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St Rumon’s Gardens- Redruth

St Rumon's Gardens

Information sourced and written by esdale77  / E. Dale.
To learn more about St Rumon’s Gardens and other Cornish gems, visit The Cornish Bird.
Written in
February 2022.

A History

1400 s

St. Rumon’s Gardens in Redruth have a rich history spanning over 600 years, evolving from a few buildings and a ford to what is now the intersection of Fore Street and Penryn Street. Reverend Nicholas Oby obtained a license to build the chapel on September 14th, 1400. It likely served both the local community and pilgrims traveling to St. Michael’s Mount in Cornwall. Saint Rumon, born around AD 515, was a missionary from Brittany. He founded a hermitage near Falmouth in the 5th or 6th century, though its exact location remains uncertain. His influence is also seen in other Cornish place names like Ruan Lanihorne, Ruan Major, and Ruan Minor.

1600 s

By the late 1600s, St. Rumon’s Chapel had fallen into disrepair, losing its roof, and by around 1700, people completely abandoned it. The congregation moved to St. Euny Church nearby. Over the years, the site deteriorated, with reports of “a pile of buildings” on it in the early 1800s. In the mid-19th century, they decided to clear the ruins and build a new hall, called St. Rumon’s Hall. Construction began in 1859, and the current façade dates back to that time.

1850 s

In October 1867, The Cornish Telegraph reported that builders used some stones from the original medieval chapel for the foundations of the new hall. They envisioned this hall as a versatile space for exhibitions and entertainment, and it quickly fulfilled its purpose. It functioned as a library and cultural centre, hosting various events such as lectures, concerts, balls, and auctions, according to newspapers from that time.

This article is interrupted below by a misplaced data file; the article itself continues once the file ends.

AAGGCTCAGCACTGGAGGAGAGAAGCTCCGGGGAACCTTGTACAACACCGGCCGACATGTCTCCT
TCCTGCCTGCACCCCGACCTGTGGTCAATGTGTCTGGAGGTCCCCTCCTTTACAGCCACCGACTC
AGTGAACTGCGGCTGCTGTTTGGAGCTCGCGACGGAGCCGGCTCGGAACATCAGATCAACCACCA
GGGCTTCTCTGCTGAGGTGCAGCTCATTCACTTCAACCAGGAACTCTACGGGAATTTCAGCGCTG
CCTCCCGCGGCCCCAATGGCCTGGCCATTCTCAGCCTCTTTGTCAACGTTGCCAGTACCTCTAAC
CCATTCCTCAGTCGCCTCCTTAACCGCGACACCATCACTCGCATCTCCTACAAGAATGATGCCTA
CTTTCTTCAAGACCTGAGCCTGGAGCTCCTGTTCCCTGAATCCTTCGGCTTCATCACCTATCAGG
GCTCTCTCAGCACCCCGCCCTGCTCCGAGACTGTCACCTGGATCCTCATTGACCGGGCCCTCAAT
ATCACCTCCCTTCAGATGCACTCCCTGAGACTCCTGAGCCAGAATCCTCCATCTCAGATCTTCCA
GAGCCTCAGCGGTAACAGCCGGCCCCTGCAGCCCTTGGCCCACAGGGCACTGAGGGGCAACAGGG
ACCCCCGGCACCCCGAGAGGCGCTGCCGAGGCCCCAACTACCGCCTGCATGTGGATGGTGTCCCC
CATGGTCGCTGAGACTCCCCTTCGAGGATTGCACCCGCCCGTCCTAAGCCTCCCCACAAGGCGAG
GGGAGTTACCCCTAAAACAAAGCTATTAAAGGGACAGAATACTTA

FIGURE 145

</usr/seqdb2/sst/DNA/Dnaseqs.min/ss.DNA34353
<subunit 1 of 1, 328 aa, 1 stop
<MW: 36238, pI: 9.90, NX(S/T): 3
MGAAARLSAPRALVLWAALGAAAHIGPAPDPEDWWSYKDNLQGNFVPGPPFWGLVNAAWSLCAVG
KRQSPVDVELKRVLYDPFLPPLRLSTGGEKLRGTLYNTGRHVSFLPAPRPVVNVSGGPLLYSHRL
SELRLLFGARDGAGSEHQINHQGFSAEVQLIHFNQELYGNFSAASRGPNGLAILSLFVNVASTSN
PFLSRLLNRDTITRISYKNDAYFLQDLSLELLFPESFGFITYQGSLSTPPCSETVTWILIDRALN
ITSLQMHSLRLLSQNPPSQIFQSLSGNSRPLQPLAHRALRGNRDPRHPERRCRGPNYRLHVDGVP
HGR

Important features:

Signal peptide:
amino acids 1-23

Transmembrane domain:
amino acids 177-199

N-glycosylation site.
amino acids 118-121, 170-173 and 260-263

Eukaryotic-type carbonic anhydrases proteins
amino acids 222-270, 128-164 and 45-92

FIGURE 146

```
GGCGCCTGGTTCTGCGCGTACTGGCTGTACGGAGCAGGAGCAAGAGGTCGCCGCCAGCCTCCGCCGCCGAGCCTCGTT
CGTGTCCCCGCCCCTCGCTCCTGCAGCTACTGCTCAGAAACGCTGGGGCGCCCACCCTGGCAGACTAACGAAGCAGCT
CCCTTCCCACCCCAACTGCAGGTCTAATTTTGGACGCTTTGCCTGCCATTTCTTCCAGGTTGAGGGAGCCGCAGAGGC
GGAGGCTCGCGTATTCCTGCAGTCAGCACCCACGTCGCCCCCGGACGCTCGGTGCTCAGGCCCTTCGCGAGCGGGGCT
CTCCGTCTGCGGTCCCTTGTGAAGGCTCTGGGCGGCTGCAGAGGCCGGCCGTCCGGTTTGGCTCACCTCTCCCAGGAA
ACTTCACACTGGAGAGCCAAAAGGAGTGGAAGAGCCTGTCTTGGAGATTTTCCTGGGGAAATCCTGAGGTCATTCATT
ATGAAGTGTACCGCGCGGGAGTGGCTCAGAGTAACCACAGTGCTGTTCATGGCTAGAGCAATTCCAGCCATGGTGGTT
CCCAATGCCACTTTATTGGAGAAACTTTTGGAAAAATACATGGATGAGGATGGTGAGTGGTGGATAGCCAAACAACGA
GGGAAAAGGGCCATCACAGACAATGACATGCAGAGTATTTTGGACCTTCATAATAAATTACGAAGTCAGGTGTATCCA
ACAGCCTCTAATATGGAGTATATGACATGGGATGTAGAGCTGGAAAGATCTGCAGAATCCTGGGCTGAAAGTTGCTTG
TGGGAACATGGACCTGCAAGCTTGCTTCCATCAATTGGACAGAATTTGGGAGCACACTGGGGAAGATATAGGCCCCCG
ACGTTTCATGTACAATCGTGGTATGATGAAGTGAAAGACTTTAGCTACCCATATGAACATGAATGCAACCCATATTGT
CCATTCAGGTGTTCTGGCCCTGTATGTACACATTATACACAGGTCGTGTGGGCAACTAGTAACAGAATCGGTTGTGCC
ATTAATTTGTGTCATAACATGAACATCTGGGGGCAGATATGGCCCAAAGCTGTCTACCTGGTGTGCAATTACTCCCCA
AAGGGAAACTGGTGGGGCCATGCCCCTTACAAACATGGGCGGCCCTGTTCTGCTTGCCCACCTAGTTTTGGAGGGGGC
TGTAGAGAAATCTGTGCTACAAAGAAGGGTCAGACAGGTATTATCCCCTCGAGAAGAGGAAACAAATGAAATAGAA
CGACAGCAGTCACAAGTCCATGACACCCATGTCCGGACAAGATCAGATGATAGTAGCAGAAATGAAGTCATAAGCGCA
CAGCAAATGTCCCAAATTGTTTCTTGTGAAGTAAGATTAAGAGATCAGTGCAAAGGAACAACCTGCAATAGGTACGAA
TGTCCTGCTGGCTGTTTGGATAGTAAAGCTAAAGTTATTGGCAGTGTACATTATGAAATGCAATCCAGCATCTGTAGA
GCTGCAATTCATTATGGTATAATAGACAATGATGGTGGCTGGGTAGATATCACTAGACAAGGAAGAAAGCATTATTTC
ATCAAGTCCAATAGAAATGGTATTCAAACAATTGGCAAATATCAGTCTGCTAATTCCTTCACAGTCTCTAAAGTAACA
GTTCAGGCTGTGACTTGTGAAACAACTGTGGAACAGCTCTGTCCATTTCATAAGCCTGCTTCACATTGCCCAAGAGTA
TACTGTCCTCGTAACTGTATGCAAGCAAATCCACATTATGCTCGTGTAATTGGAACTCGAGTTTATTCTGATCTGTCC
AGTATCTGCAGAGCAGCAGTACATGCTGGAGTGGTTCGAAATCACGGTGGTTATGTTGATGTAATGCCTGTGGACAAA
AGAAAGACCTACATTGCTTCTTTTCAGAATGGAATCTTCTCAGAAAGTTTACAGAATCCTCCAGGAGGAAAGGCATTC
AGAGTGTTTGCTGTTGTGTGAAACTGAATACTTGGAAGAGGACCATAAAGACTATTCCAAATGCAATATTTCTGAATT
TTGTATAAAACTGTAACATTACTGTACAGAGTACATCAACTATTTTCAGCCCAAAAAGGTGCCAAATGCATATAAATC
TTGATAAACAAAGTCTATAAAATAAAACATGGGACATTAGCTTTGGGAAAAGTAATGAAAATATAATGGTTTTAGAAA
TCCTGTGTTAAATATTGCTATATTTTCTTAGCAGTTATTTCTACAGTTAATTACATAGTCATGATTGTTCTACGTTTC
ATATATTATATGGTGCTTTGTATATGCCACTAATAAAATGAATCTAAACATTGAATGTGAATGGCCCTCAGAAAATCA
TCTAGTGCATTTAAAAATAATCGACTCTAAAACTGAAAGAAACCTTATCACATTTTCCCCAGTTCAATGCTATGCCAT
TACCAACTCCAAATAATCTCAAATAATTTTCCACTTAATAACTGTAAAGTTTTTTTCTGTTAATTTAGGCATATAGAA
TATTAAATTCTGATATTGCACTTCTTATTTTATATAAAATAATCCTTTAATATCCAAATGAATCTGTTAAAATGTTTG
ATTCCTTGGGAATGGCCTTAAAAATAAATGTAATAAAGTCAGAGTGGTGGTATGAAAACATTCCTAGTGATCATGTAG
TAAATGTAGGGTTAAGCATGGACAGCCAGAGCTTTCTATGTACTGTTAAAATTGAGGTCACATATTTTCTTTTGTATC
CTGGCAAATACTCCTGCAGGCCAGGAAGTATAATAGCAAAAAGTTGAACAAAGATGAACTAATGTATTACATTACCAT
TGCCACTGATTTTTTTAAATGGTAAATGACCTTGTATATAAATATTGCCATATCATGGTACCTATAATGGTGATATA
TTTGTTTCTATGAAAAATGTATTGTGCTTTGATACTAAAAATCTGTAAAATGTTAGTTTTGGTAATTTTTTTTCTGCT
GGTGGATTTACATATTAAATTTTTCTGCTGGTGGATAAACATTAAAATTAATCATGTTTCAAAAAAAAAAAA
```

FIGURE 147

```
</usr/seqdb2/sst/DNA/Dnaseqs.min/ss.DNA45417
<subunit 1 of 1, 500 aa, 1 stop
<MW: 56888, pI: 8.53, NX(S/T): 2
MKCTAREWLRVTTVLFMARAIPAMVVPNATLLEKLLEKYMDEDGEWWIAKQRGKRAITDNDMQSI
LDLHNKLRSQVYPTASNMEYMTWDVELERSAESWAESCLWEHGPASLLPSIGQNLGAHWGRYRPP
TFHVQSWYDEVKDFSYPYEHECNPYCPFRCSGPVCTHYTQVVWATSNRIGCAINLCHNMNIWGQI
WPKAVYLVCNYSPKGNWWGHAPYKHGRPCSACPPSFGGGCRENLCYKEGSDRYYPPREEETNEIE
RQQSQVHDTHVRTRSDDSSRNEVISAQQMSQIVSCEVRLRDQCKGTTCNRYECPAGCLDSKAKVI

1900 s

By 1908, the Druid’s Hall transformed into a cinema, likely using its spacious second-floor theatre or ballroom. It boasted 450 seats, with 331 in the stalls and 119 in the balcony, and a 7.5m (23ft) wide proscenium. Initially managed by Messrs. Cocks and Baker, it was named Picturedrome in 1910. Mr. H. Burrow took over in 1912, succeeded by William Henry Jenkin in 1917. After Jenkin’s death in 1926, his wife Clara ran the cinema until September 1935, when Gwyther Eastlake Prance acquired it and renamed it the Gem Cinema.

The Fire

In 1981, brothers David and Thomas Dunstan purchased a rundown building and invested their life savings to transform it into the Zodiac Bingo Hall. On January 21, 1984, some time after 11 pm a fire broke out, engulfing St. Rumon’s. Over fifty firefighters tried to save the hall, but it was gutted by morning, causing an estimated £250,000 in damages. The Dunstan brothers initially hoped to rebuild and renewed their gaming license in March. However, by September 1984, they put the building up for sale because reconstructing it was too expensive, as they confirmed to the West Briton.

St Rumon’s Gardens Present

After the hall was destroyed, plans to rebuild it were scrapped because the walls were wobbly. They even had to remove the top floors to prevent them from falling down! Then, in 1985, the Kerrier Council bought the site. For years, St. Rumon’s Hall just sat there, looking pretty ugly. But in 1998, the council came up with the idea: ‘Millennium Gardens’! They spent around £65,000 making it happen. Now, these quirky gardens are open to everyone, and they even brought back the old name.

Today, St. Rumon’s Gardens is a peaceful place away from the hustle and bustle of Redruth’s busy streets. You can sit on park benches, watch performances on a small stage, and imagine the old days when it was a theatre, all the while, still spot bits of the medieval chapel here and there, reminding us of the past.

If you would like to know some more fascinating stories about Redruth and Cornwall, visit The Cornish Bird Blog
Discover move exciting areas of Redruth on of Discover Page, or the other Parks, Gardens and Green Spaces.
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